For more information or to purchase tickets, click here.
Val Kilmer will be at the Lobero Theatre this Friday night (Jun. 30) at 8 p.m. to present a screening of his play about Mark Twain. The one-man show, Citizen Twain, played to sold-out houses at several performing arts venues in Los Angeles.
Kilmer transforms himself into Twain in a comedic and moving performance based on the life of the man, Samuel Clemens, and of course his writings as Mark Twain. From his thoughts on politics (including his famous disdain for the U.S. Congress), to his family and ultimately his faith and God, Twain spins a series of yarns with his timeless satire and incomparable wit.
Kilmer will conduct a question and answer period with the audience following the screening.
The Lobero Theatre is located at 33 E. Canon Perdido St.
Special meet and greet tickets are still on sale at the Lobero Box Office and here.
Suicide Squad Hair and Makeup Artist Alessandro Bertolazzi is honored at the SBIFF Variety Artisans Awards on Feb. 6. Courtesy photo.
The Santa Barbara International Film Festival‘s Variety Artisans Awards celebrates those essential to the filmmaking process and who have exhibited the most exciting and innovative work of the year in their respective fields. The Tribute evening takes place on Monday, February 6, at the Lobero Theatre and will be moderated by Variety’s Senior Vice President Awards Editor, Tim Gray.
The Variety Artisans Award will be presented to the following 2017 Oscar nominees:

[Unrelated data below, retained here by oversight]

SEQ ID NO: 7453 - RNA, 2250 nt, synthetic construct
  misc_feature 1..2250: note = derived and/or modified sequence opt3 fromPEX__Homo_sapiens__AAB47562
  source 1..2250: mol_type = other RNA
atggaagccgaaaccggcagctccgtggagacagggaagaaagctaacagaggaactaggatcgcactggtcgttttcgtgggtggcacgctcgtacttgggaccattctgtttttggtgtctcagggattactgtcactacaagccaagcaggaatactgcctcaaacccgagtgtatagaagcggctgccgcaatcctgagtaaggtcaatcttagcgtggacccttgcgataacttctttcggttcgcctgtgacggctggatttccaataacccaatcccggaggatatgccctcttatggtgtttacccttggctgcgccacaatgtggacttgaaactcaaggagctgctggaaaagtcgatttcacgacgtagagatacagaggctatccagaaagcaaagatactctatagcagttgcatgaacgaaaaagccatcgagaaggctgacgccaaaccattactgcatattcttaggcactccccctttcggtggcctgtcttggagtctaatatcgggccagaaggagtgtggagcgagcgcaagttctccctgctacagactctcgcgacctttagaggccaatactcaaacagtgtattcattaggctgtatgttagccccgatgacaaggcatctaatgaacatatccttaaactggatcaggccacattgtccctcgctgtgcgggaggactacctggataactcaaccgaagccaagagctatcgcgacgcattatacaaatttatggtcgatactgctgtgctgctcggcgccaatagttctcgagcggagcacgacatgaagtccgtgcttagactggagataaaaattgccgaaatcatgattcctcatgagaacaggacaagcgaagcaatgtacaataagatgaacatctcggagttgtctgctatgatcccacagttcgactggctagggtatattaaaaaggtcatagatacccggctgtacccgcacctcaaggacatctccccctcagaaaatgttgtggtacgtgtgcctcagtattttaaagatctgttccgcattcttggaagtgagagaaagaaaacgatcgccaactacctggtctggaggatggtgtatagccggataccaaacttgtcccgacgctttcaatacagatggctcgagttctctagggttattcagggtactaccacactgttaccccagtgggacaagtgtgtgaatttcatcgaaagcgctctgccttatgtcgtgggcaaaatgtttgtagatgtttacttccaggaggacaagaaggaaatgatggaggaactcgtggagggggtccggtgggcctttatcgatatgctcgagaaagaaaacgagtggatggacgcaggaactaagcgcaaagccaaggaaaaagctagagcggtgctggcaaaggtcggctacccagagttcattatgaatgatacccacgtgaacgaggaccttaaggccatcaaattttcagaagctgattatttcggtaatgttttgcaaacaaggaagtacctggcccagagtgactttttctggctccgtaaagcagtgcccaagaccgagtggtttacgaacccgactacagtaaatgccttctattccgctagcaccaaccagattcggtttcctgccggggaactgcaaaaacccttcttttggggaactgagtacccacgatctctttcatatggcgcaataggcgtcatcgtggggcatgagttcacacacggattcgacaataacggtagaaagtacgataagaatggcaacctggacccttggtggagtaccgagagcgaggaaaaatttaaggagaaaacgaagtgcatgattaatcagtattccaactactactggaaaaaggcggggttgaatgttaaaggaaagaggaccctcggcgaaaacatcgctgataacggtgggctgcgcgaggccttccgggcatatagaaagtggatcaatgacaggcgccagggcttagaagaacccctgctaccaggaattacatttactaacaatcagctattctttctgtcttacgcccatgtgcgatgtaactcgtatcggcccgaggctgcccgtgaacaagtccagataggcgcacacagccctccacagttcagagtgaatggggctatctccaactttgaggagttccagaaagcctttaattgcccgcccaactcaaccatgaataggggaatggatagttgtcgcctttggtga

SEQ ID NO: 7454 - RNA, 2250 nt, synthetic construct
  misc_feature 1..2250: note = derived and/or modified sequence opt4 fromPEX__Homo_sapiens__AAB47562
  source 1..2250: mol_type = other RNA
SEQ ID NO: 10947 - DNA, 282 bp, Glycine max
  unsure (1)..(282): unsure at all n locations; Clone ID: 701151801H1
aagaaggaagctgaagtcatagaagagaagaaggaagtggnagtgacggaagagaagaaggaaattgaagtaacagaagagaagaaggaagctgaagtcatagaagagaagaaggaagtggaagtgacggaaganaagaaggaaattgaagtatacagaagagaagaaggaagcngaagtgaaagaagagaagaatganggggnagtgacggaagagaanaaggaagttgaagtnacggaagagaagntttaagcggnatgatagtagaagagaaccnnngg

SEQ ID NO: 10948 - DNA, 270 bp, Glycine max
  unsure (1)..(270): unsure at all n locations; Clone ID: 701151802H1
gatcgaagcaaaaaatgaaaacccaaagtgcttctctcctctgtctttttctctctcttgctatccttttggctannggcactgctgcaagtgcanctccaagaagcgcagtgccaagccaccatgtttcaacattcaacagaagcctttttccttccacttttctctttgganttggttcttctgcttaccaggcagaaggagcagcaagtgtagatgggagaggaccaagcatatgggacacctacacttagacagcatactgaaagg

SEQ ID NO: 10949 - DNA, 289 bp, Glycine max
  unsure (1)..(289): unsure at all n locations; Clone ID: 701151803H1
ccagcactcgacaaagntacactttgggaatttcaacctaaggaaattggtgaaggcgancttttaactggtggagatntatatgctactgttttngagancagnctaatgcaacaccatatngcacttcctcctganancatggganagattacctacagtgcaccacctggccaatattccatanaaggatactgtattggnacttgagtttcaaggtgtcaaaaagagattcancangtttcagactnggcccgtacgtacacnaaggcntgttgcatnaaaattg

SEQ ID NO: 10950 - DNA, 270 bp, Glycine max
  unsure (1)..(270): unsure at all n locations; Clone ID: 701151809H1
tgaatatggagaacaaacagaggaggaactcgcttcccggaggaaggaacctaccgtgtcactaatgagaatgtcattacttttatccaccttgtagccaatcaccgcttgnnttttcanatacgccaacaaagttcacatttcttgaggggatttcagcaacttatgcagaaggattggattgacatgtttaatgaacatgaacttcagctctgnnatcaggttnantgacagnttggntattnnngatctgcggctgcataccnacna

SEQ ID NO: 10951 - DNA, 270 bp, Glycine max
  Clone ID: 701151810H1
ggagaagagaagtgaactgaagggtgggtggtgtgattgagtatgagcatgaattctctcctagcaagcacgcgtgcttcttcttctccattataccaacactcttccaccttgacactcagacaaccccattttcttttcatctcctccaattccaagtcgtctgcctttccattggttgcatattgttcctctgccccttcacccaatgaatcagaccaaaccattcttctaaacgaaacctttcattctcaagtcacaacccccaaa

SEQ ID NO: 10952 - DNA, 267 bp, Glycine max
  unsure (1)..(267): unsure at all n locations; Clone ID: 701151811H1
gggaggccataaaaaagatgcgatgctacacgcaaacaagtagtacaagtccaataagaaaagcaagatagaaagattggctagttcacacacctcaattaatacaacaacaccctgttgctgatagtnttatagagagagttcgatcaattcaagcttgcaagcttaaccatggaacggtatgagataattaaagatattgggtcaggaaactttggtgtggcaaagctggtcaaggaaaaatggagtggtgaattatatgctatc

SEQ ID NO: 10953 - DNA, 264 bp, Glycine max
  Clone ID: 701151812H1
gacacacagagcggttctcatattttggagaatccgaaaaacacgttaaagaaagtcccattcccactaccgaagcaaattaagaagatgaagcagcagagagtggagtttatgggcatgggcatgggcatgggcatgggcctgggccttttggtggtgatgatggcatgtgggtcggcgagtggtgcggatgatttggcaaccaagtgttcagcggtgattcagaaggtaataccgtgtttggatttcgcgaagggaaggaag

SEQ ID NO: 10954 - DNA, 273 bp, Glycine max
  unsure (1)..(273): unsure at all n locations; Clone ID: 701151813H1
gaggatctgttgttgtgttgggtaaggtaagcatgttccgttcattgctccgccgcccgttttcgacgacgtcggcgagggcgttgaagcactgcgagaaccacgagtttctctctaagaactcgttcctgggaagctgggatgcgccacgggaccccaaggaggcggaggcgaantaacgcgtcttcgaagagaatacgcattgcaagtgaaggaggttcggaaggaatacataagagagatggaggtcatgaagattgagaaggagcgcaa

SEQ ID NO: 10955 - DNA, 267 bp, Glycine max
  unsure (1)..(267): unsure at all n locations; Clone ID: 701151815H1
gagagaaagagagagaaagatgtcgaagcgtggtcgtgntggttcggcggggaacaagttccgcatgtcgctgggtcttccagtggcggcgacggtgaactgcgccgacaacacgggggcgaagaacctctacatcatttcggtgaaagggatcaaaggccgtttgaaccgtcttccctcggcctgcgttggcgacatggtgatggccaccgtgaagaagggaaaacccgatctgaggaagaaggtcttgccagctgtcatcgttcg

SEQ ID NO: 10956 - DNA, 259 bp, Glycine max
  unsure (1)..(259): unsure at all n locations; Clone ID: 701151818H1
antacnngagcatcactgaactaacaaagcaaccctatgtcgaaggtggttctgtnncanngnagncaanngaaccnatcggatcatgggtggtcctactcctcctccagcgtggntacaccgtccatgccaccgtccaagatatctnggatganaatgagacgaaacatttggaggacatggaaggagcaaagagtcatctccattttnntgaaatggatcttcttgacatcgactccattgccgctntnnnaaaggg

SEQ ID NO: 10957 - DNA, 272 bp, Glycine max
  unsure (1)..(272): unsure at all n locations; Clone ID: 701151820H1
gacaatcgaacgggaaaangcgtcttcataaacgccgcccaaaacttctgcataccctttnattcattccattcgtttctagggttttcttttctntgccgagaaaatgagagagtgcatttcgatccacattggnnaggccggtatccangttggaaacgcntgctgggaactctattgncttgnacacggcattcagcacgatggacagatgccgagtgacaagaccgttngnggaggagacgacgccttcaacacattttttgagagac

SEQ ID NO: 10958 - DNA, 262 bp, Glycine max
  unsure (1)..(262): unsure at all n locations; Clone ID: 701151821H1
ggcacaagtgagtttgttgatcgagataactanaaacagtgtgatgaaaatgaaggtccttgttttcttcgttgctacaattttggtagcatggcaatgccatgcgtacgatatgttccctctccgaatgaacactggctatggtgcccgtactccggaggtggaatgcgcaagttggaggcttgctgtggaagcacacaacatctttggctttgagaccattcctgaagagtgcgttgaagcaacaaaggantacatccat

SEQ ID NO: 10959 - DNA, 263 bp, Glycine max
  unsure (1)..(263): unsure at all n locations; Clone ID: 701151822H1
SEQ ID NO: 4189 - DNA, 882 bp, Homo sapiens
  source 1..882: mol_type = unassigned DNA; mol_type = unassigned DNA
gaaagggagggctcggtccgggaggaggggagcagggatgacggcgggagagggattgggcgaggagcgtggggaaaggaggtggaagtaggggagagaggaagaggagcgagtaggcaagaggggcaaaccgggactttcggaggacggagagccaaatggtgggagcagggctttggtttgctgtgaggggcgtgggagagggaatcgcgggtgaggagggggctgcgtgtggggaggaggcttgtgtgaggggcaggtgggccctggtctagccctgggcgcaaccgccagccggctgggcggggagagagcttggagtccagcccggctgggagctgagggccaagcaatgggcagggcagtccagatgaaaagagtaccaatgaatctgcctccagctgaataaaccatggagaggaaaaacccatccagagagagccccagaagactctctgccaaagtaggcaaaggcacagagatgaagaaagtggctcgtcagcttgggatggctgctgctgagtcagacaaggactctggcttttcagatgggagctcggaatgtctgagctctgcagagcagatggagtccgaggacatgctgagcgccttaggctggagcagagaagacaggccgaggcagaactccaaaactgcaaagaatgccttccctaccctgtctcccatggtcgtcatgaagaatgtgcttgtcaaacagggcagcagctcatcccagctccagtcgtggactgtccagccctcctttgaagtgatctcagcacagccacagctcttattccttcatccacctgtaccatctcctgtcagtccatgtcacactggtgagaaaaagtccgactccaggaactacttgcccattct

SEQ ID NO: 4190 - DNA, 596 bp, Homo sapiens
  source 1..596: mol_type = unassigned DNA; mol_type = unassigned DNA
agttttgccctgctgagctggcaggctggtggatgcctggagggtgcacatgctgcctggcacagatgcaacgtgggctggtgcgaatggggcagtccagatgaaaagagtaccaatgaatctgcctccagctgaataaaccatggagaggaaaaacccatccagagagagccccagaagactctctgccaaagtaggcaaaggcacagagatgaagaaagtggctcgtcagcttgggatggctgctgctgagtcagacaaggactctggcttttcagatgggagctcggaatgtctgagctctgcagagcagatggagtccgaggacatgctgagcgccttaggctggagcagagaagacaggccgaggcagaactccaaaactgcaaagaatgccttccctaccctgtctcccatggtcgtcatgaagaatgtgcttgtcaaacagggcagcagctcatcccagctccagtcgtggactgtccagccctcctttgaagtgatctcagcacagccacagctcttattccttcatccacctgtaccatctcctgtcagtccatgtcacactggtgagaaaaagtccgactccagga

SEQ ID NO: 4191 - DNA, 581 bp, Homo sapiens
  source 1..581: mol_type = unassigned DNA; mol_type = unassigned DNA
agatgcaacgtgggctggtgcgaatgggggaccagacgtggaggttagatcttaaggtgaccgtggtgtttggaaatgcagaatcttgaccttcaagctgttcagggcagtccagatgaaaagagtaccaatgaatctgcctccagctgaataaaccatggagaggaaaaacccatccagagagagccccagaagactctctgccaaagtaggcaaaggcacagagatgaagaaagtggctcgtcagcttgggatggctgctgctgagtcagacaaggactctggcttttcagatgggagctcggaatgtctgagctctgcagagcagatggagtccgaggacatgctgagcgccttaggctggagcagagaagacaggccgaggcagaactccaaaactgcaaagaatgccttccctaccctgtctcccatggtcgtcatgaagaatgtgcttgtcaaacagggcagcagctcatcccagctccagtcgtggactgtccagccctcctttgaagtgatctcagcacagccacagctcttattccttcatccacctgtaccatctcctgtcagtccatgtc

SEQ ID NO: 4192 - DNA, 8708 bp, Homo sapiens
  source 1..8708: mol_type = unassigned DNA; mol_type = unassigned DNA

Alessandro Bertolazzi for Makeup and Hair for the Warner Brothers film Suicide Squad, directed by David Ayer. This marks Bertolazzi’s first Academy Award nomination. His previous credits include Skyfall, Biutiful, and Babel.
Jess Gonchor, for Production Design in the Universal Pictures film Hail, Caesar! directed by Joel and Ethan Coen. Gonchor was previously nominated for an Academy Award for his work on True Grit, which was nominated for a total of 10 Academy Awards. Gonchor has worked with the Coen Brothers on each of their films since No Country For Old Men.
Justin Hurwitz, for original score in the Lionsgate musical La La Land, directed by Damien Chazelle. Hurwitz received both the Golden Globe and Critic’s Choice Award for Best Original Score for the film. He is a first time Oscar nominee this year.
Justin Hurwitz, Benj Pasek & Justin Paul for Original Song “City of Stars” in the Lionsgate musical La La Land. The song received both the Golden Globe and Critic’s Choice Award for Best Original Song this year.
Mary Zophres for Costume Designer in La La Land. She was nominated for an Academy Award for her work in the Coen Brother’s film True Grit. In 2016, she received the Key West Film Festival’s Career Achievement Award for costume design.
James Laxton for Cinematographer in A24’s Moonlight directed by Barry Jenkins. Laxton won the Los Angeles Film Critics, New York Film Critics, and San Francisco Film Critics award for Best Cinematography for his work on the film.
Robert Legato for Visual Effects in the Disney live-action film The Jungle Book, directed by Jon Favreau. Legato has won two Academy Awards (and has been nominated a total of four times) for his work on Titanic and Hugo.